There is no dispute that the present specification supports the claim now on appeal as required by 35 U.S.C. § 112. Appellant has altered the language of the specification to explicitly point out that esters having two methylenes are contemplated. For example, it is stated that:
While claim 7 is expressed in terms of an ester produced from "an ω-perfluoroalkyl-substituted alkanol having not more than 12 methylene groups per molecule," the examiner has agreed with appellant that the symbol omega implies that the alkanol has at least two methylene groups per molecule. Thus, the claim is directed to esters wherein m is 2-12, as disclosed in the present specification.
The sole issue in the present appeal is whether the disclosure in the parent application complies with the first paragraph of 35 U.S.C. § 112 for purposes of obtaining the benefit of the filing date of the parent application under 35 U.S.C. § 120 so as to provide a basis for antedating
Paragraph 1 of § 112 provides that "The specification shall contain a written description of the invention, and of the manner and process of making and using it, in such full, clear, concise, and exact terms as to enable any person skilled in the art to which it pertains, or with which it is most nearly connected, to make and use the same * * *." This means that there must be both a written description in full, clear, concise, and exact terms, and that it enable any person skilled in the art to make and use the invention. While appellant's parent application may by reference to the copending application of Tiers contain enough to enable a person skilled in the art to make esters wherein m is 2, there is no explicit disclosure that m may be 2 or that certain starting materials from the Tiers disclosure may be used, which starting materials would ultimately lead to esters with two methylenes. That is, there is no description in full, clear, concise, and exact terms of esters wherein m is 2. The only esters described in such terms are those wherein m is 3-12.
Appellant relies heavily on the statements in the parent application that the invention relates particularly to esters of ω-perfluoroalkyl-substituted alkanols, and that the omega indicates that esters with two methylenes are included. We agree with the board that the reference to ω-perfluoroalkyl-substituted acrylate esters indicates only the specific field of art involved, and not that this is a class of esters all of which are disclosed. The omega merely indicates the position most removed from the functional group, and thus m may be anything over 2. However, appellant describes only the class of esters wherein m is 3-12. There is nothing in the original specification to indicate that any other esters (i. e., those where m is 2 or greater than 12) may be made by the methods disclosed or that they may be used as the disclosed esters. Therefore, it must be concluded that the only class of esters described in full, clear, concise, and exact terms is that wherein m is 3-12, and that the reference to ω-perfluoroalkyl-substituted acrylate esters is only a statement introducing the specific area of art involved.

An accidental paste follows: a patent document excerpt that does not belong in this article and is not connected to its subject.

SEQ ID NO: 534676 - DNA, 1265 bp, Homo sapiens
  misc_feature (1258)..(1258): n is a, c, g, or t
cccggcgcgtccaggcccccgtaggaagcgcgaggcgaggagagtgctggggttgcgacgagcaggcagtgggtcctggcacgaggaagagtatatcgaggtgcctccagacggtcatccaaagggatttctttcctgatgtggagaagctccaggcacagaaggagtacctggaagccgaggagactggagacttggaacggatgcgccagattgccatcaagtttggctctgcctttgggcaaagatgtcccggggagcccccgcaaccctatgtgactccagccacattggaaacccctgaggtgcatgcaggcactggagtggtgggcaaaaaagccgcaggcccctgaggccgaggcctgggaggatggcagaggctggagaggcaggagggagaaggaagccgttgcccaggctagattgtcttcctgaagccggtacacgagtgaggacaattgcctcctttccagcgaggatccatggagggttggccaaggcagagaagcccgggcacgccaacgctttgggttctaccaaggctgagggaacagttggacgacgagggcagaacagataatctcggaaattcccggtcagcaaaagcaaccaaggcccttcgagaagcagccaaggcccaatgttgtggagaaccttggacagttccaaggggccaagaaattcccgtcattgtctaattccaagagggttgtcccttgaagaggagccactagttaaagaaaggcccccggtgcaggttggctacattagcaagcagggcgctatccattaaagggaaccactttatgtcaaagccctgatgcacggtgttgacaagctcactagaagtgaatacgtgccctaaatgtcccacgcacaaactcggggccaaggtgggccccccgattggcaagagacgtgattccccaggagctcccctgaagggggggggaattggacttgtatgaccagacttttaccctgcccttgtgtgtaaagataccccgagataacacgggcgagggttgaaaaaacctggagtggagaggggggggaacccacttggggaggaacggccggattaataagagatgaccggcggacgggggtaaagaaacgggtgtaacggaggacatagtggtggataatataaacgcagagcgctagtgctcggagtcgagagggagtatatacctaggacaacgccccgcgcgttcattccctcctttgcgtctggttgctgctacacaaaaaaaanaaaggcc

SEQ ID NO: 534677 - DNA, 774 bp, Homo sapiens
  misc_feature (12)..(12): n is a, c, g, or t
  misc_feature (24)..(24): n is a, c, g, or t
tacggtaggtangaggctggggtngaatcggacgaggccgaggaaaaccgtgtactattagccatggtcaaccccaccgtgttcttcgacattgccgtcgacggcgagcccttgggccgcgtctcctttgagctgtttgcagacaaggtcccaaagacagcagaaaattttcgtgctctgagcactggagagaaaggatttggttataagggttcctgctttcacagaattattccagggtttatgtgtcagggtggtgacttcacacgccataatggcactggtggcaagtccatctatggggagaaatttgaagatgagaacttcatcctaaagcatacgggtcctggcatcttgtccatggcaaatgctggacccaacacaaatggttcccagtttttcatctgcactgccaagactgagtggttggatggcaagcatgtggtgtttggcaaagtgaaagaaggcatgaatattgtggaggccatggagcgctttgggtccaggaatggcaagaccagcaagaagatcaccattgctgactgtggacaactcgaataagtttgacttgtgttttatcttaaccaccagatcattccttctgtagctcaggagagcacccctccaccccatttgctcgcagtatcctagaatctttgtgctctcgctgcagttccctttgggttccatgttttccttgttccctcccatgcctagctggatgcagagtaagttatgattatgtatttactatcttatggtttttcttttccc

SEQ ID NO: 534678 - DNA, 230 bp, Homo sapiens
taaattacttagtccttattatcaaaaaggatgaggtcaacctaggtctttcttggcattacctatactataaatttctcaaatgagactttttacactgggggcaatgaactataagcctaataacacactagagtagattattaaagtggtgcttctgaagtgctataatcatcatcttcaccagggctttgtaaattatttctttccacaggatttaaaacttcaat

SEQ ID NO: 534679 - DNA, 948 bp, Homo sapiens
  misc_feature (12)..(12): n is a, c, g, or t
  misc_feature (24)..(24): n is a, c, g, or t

This is unlike the situation in Brower, supra, where there was an explicit description of the subsequently claimed process, but there were statements to the effect that the part of the disclosure in question was not regarded as the invention. In the present case, there are no negative statements that esters with two methylenes are not within what is regarded as the invention, but rather here esters wherein m is 2 were never described in explicit terms at all.
Appellant's reliance on this court's decision in In re Risse, 378 F.2d 948, 54 CCPA 1495 (1967) is misplaced. In Risse, where the parent supported its claims, a sufficient disclosure for purposes of obtaining the benefit of the filing date of the parent application was found where
As we have previously stated, the one method for which reference was made to the Tiers application may very well be sufficient to teach one skilled in the art how to make the claimed esters. Certainly the claims, inasmuch as esters wherein m is 3-12 are also covered, read upon a species disclosed in a working example of the parent application. However, the first part of the Risse requirement
Therefore, we affirm the decision of the board.